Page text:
Saturday, February 4th, 2023
Saturday, February 4th, 2023

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Sportsmen Since 1967

Social distancing on a trout stream

By Dave Zueg
Contributing Writer

 

At the starting gate of this outdoor life we embrace, there were signposts for the turns that lead us to where we are today. For me, a trout fishing trip with Dad back when the Brule was too intimidating for a school boy, but a small stream filled with brook trout wasn’t. On that day I passed a signpost leading to my devotion to public land, water, and the trout of those waters. 

 

We entered the stream running through private land legally, only to be met by a cascade of rocks thrown from a high bank above the stream. Dad wasn’t one to walk away from situations like that, but with a 10-year-old in tow, he elected to do the right thing. We went home, one of us mad and the other disappointed and confused. 

 

Ever since that day, trout streams have been my passion, an escape from the stress of everyday life like the pandemic we’re enduring. The other day a trout stream seemed like a good short-term remedy. I could give my mind a break from the depressing 24-hour news cycle and, better yet, I could leave my mask at home since I hadn’t seen anyone on these waters in years.

 

The overnight rain had quickened the stream’s pulse, giving her a slightly cloudy look. From years of experience, I knew the trout would be more willing to stay in the exposed runs feeding now than tucked under the banks. I grabbed an alder for support, stepped into the river and a cascade of water from wet leaves reminded me my rain gear needed upgrading. It held back water with the efficiency of a sieve, but I left it on knowing it would provide some protection from the maze of alders while moving upstream.

 

Compared to the lower river that runs through low lands bordered by reed canary grass, nettles and hummocks, this stretch was wooded. Actually, that’s an understatement. The undercut alders along with a few massive trees felled by recent floods made passage through airport security seem like a walk in the park by comparison. About 100 yards later, after bobbing and weaving like a running back through the nearly impenetrable cover – well, not really, but you get the idea – I came to a corner hole that gave me a chance. 

 

In these tight quarters, my 5-foot spinning rod was the tool of choice since a fly rod would have been as useful as a catcher’s mask at a coronavirus conference. A No. 2 spinner hit the upper end of the pool on the first cast. With the rain and colored water, the goal was big fish, not numbers of fish. I’d enjoyed a couple meals of fresh trout and garden vegetables earlier this summer, so that itch had already been scratched.

 

Two spunky brook trout and a brown pushing a foot long snapped at the spinner on the first cast. Only the brown was briefly hooked before escaping. Two small brookies kept darting at the spinner all the way to my waders without being hooked. Even a spinner that size was more than they could tackle. It was clear the trout had the post-rain feedbag on. I expected good things further upstream and wasn’t disappointed.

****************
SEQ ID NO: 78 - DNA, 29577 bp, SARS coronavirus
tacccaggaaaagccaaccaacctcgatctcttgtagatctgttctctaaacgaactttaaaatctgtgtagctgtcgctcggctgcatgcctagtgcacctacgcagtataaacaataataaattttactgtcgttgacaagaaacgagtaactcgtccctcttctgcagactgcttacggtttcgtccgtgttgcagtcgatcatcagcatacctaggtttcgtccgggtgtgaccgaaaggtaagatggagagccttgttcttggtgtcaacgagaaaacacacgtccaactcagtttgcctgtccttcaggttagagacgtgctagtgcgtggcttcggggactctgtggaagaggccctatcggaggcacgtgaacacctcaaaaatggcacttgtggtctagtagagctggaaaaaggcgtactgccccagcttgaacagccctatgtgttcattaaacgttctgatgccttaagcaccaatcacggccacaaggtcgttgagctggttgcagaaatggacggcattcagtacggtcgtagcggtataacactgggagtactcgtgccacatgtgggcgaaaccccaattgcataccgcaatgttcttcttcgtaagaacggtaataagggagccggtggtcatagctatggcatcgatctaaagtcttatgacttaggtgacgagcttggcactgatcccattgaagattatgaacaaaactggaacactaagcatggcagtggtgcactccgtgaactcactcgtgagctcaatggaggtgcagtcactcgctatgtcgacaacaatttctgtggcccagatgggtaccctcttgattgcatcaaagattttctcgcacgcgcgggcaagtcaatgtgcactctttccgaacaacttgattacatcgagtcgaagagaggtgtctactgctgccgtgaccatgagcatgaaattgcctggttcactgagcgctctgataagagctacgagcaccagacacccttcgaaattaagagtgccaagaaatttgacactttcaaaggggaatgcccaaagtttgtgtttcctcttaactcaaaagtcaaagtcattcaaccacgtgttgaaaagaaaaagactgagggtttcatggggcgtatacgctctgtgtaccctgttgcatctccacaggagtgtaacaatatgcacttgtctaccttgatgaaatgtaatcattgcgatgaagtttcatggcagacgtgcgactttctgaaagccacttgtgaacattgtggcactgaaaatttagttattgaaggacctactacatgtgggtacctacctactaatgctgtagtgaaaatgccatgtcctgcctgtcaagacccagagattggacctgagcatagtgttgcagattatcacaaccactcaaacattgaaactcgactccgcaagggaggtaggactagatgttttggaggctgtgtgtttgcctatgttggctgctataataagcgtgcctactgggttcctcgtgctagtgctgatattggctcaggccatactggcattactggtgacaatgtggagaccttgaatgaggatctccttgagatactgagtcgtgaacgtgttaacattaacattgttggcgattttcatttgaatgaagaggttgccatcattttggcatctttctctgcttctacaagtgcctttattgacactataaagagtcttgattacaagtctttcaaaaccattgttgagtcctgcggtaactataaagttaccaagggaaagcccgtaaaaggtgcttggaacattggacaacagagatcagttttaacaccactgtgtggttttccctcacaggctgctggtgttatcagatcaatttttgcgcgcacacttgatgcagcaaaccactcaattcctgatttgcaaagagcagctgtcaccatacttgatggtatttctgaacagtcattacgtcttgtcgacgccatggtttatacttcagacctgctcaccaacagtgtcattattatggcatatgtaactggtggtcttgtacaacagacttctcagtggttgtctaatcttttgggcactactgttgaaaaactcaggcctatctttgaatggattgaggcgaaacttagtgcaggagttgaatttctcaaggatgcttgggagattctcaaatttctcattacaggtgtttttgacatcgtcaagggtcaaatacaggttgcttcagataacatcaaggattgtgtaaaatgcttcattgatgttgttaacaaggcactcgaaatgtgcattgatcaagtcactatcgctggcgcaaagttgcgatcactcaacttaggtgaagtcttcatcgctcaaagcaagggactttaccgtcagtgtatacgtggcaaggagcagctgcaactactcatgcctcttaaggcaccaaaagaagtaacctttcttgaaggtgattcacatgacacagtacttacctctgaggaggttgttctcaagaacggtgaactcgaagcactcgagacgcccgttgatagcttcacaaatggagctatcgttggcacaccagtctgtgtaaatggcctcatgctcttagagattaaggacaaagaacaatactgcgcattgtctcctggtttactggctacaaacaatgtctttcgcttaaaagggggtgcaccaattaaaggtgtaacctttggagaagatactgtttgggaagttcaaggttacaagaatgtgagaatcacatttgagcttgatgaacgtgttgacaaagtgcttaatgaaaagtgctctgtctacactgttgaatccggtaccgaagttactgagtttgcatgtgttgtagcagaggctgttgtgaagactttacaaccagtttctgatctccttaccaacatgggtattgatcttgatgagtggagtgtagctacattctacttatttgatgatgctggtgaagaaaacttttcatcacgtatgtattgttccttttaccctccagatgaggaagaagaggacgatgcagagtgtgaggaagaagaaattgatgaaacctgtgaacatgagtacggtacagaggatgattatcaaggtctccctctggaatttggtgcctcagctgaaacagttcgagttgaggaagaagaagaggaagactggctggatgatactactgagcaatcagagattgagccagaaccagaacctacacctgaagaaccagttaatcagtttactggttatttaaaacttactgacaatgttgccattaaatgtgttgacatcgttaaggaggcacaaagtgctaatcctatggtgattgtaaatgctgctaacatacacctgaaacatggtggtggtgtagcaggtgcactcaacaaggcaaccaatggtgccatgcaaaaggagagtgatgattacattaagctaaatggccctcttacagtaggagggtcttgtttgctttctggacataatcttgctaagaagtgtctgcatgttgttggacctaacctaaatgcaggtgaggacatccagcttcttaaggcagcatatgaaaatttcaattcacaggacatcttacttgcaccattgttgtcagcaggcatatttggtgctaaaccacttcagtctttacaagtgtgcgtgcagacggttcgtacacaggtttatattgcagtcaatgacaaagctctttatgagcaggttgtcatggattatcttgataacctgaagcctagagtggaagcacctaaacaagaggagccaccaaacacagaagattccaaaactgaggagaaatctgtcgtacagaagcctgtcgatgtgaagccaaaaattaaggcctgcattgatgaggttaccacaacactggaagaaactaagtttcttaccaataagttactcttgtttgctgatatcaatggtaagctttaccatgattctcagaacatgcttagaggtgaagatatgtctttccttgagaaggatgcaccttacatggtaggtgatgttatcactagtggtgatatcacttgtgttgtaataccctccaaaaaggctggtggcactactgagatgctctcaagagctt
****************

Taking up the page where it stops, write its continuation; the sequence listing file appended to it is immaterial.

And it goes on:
After stumbling through knee-deep water pocked with weeds and softball-sized rocks for another 100 yards, I came to the next pool that simply reeked of fish. My first cast missed and landed on the tip of an alder leaning over the pool. I knew wading to it would put down trout, so I gently twitched the rod tip and got lucky. The spinner fell into the stream where apparently the big brown had been watching the jiggling spinner above its head, because when it hit the water he jumped on it like a Lab on a doggie treat. 

 

This was a real fish. It tore upstream, working the drag hard, threatening to get into a maze of flood debris that taxed the ultra-light equipment to the limit. Good 6-pound line and a more than a little luck eventually led the 20-inch fish onto a sandbar.

 

I wasn’t surprised to see the beginning of a hooked jaw on the big male. What I saw next was a surprise, although knowing what meat-eaters browns are, I shouldn’t have been. He began to regurgitate partially digested frogs that had strayed too close to his hunting grounds. After a quick picture, it felt good to put him back, along with what was left of his last frog meal.

 

After catching another brown nearly the size of the frog-eater, along with a few smaller trout, I headed home. It had been a good day on a good trout stream. Better yet, for a few hours the pandemic never even crossed my mind. 

 

The next morning I e-mailed Craig Roberts, the DNRs local fish biologist, and asked if any trout stamp dollars are available for brushing streams. 

 

“We’re budgeting money for brushing, beaver control, and maintenance on the stream. The last two years we spent a good deal of time inventorying the areas that needed work. The main problem we’re having is staff to do the work. We lost two (part-time) employees who had been brushing. One moved and another got promoted,” wrote Roberts.

 

“Add the field work restrictions caused by the coronavirus into the mix and a lot of our work was put on hold. The issue hasn’t been lack of trout stamp money, it’s having staff to do the work.”

 

He also knew the stream.

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